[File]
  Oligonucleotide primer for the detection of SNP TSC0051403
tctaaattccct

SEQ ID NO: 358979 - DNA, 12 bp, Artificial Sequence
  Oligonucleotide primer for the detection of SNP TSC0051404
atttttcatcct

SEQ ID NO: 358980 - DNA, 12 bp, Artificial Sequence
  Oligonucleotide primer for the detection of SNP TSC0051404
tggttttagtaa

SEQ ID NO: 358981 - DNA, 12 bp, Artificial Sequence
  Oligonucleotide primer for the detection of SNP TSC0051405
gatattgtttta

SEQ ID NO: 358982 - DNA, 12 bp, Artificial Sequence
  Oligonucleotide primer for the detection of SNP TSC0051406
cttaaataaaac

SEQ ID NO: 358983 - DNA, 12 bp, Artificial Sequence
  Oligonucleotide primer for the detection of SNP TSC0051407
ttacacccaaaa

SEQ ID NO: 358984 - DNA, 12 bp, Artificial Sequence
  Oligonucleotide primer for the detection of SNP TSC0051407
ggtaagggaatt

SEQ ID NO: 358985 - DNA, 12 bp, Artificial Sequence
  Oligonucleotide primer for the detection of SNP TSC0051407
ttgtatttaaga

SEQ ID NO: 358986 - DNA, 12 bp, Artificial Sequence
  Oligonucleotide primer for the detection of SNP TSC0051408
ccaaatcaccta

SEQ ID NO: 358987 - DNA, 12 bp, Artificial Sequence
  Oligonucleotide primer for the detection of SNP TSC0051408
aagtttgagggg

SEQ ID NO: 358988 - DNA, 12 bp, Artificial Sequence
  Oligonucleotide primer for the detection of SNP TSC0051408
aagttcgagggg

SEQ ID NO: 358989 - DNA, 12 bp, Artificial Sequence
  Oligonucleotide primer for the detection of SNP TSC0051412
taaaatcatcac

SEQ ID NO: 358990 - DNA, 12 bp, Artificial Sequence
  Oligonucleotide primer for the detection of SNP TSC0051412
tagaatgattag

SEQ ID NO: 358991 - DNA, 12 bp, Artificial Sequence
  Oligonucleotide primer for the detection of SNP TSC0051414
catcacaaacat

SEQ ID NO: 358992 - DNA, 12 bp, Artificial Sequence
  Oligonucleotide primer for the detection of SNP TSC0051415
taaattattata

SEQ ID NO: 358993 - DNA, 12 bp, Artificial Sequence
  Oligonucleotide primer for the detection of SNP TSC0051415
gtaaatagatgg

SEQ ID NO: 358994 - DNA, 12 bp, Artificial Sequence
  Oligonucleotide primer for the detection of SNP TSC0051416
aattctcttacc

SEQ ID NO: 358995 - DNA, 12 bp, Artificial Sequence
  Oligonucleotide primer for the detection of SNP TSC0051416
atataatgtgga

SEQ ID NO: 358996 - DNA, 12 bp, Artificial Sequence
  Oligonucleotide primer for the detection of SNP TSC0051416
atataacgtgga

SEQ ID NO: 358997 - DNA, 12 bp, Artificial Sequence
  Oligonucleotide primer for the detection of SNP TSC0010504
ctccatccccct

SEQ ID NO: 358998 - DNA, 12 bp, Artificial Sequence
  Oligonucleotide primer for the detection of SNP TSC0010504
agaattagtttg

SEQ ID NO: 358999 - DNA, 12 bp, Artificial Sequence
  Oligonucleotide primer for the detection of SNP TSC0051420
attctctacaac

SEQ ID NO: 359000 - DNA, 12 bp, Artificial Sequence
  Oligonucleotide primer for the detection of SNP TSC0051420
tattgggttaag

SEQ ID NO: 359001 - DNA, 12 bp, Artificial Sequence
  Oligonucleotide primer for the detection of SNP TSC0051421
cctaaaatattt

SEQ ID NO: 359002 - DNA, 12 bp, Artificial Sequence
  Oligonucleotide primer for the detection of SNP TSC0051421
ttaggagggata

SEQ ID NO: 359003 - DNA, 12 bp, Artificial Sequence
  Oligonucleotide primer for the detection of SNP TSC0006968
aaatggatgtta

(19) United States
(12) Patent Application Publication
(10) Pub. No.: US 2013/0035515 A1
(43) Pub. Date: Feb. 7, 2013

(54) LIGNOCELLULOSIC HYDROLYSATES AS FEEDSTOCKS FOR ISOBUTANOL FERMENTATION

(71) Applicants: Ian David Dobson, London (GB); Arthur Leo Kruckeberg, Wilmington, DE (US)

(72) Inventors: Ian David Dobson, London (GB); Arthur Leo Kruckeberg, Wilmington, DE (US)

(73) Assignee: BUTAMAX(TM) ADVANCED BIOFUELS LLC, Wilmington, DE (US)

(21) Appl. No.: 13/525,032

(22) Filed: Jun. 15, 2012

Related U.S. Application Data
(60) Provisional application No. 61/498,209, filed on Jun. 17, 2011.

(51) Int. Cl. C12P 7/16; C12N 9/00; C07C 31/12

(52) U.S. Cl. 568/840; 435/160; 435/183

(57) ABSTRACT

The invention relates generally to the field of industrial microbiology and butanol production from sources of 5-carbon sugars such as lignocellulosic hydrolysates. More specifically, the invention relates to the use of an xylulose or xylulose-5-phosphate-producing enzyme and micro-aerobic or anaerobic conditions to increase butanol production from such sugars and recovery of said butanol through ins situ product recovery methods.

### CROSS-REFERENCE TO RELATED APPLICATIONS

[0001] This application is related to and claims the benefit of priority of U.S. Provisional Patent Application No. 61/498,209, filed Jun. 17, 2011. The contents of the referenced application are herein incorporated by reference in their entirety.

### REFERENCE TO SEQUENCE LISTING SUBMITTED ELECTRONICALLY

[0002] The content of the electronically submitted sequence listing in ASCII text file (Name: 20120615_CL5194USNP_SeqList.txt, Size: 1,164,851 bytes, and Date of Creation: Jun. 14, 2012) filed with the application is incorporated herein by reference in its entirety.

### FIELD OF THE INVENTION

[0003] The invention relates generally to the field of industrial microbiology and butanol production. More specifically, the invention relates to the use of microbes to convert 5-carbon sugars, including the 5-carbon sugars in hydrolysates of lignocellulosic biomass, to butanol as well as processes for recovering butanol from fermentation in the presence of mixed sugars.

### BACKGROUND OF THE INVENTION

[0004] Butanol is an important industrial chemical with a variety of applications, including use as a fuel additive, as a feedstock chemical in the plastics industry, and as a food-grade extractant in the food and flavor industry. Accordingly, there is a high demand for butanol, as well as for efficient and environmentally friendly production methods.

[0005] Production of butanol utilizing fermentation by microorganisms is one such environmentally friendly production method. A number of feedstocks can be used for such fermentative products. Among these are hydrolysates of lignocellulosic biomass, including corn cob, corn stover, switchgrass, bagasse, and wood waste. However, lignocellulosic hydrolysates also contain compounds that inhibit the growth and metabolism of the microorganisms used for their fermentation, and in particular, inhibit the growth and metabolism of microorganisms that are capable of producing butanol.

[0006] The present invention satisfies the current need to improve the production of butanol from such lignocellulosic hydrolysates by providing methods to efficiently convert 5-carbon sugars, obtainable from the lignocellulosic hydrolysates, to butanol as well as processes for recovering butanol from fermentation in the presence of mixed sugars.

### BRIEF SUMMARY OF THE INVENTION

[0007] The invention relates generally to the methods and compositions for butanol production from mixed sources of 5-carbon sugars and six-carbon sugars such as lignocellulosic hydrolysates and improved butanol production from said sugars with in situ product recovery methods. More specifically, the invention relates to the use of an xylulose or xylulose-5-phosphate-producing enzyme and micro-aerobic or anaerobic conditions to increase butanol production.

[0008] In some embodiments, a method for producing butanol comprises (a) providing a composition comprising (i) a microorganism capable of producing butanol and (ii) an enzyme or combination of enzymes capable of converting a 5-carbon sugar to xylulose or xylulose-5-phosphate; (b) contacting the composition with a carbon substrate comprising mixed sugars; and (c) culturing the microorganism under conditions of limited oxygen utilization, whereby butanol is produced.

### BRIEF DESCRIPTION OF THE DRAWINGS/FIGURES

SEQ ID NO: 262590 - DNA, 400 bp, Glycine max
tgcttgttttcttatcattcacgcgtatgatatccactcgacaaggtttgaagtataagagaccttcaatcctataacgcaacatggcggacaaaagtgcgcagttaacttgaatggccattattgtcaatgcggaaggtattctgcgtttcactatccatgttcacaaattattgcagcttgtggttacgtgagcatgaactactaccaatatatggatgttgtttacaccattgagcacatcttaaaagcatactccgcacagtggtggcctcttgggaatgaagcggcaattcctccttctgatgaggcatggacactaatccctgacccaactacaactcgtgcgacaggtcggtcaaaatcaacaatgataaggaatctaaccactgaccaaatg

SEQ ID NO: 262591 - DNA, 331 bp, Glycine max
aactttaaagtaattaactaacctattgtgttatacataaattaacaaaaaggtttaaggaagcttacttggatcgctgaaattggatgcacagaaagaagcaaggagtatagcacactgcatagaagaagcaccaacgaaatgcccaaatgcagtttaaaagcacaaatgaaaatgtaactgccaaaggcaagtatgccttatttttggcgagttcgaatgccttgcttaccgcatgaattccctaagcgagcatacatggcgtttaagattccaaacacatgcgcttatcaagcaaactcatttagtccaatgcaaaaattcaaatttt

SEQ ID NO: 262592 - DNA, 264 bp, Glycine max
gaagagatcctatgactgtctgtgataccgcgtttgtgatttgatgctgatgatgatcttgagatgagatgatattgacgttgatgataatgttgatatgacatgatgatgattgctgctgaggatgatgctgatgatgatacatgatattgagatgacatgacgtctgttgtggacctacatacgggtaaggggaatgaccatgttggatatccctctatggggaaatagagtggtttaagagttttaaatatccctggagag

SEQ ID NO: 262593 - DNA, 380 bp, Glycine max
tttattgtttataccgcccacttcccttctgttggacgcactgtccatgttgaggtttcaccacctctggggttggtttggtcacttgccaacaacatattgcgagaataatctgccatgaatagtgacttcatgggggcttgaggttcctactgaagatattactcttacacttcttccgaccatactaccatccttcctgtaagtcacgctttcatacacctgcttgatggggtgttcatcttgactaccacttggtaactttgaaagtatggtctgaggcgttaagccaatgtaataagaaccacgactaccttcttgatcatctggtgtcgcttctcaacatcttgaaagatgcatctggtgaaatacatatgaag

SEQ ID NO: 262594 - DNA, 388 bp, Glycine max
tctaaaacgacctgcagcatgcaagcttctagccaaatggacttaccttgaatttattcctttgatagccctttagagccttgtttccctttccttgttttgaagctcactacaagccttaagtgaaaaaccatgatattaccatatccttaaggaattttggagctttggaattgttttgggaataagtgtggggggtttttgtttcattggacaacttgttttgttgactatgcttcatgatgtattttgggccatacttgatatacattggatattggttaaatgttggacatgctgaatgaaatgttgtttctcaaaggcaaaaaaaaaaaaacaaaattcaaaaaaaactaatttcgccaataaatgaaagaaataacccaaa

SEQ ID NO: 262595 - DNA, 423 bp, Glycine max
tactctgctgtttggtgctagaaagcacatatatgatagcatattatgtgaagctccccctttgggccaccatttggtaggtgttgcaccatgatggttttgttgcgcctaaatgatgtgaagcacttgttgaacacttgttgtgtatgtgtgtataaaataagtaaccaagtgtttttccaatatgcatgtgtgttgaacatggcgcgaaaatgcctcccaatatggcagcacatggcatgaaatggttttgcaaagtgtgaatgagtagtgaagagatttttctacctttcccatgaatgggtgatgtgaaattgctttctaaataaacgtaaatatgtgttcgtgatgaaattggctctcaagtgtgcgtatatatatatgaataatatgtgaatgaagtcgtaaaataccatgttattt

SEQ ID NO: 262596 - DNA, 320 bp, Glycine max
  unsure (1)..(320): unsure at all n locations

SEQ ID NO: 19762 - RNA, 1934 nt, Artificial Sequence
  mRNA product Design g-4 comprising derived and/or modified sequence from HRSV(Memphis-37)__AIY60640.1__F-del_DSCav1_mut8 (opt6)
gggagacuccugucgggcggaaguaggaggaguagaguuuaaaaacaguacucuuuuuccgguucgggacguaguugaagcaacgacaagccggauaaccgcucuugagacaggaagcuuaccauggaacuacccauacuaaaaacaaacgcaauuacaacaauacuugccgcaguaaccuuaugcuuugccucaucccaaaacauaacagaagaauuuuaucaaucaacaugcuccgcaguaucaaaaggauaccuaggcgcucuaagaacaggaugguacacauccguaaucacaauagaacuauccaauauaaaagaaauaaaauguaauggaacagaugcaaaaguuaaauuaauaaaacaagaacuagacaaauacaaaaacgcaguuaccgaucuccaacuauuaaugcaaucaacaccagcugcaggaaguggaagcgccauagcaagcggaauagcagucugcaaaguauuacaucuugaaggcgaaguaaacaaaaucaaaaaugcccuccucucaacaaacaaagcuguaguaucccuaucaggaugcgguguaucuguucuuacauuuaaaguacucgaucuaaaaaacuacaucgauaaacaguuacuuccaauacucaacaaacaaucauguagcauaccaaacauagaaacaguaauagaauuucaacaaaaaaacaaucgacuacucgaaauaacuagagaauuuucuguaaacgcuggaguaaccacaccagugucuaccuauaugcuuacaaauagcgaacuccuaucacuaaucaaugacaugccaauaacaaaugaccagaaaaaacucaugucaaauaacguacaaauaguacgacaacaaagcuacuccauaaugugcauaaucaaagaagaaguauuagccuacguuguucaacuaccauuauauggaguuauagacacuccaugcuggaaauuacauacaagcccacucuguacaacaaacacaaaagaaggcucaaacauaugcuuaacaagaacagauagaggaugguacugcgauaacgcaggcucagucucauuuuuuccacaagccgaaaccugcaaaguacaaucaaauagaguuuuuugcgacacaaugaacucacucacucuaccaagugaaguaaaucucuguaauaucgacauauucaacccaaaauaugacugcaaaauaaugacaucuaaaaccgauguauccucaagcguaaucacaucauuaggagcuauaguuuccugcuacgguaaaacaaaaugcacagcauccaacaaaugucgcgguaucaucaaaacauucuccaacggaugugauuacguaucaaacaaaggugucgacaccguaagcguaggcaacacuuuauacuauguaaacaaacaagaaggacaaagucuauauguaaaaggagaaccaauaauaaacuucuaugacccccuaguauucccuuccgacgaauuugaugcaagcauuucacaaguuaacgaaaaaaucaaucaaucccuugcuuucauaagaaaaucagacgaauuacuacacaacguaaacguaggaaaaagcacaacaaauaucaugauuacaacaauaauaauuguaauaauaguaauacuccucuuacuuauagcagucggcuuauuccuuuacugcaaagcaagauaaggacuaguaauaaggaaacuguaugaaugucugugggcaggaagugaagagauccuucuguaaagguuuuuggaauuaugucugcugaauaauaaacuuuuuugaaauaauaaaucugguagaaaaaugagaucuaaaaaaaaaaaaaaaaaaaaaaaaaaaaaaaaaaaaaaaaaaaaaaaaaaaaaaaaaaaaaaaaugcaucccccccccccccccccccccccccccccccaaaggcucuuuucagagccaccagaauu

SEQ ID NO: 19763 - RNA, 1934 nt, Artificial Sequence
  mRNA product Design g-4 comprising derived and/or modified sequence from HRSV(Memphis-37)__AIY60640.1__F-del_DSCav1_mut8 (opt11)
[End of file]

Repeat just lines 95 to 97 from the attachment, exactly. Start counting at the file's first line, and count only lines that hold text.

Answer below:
[0001] This application is related to and claims the benefit of priority of U.S. Provisional Patent Application No. 61/498,209, filed Jun. 17, 2011. The contents of the referenced application are herein incorporated by reference in their entirety.

### REFERENCE TO SEQUENCE LISTING SUBMITTED ELECTRONICALLY

[0002] The content of the electronically submitted sequence listing in ASCII text file (Name: 20120615_CL5194USNP_SeqList.txt, Size: 1,164,851 bytes, and Date of Creation: Jun. 14, 2012) filed with the application is incorporated herein by reference in its entirety.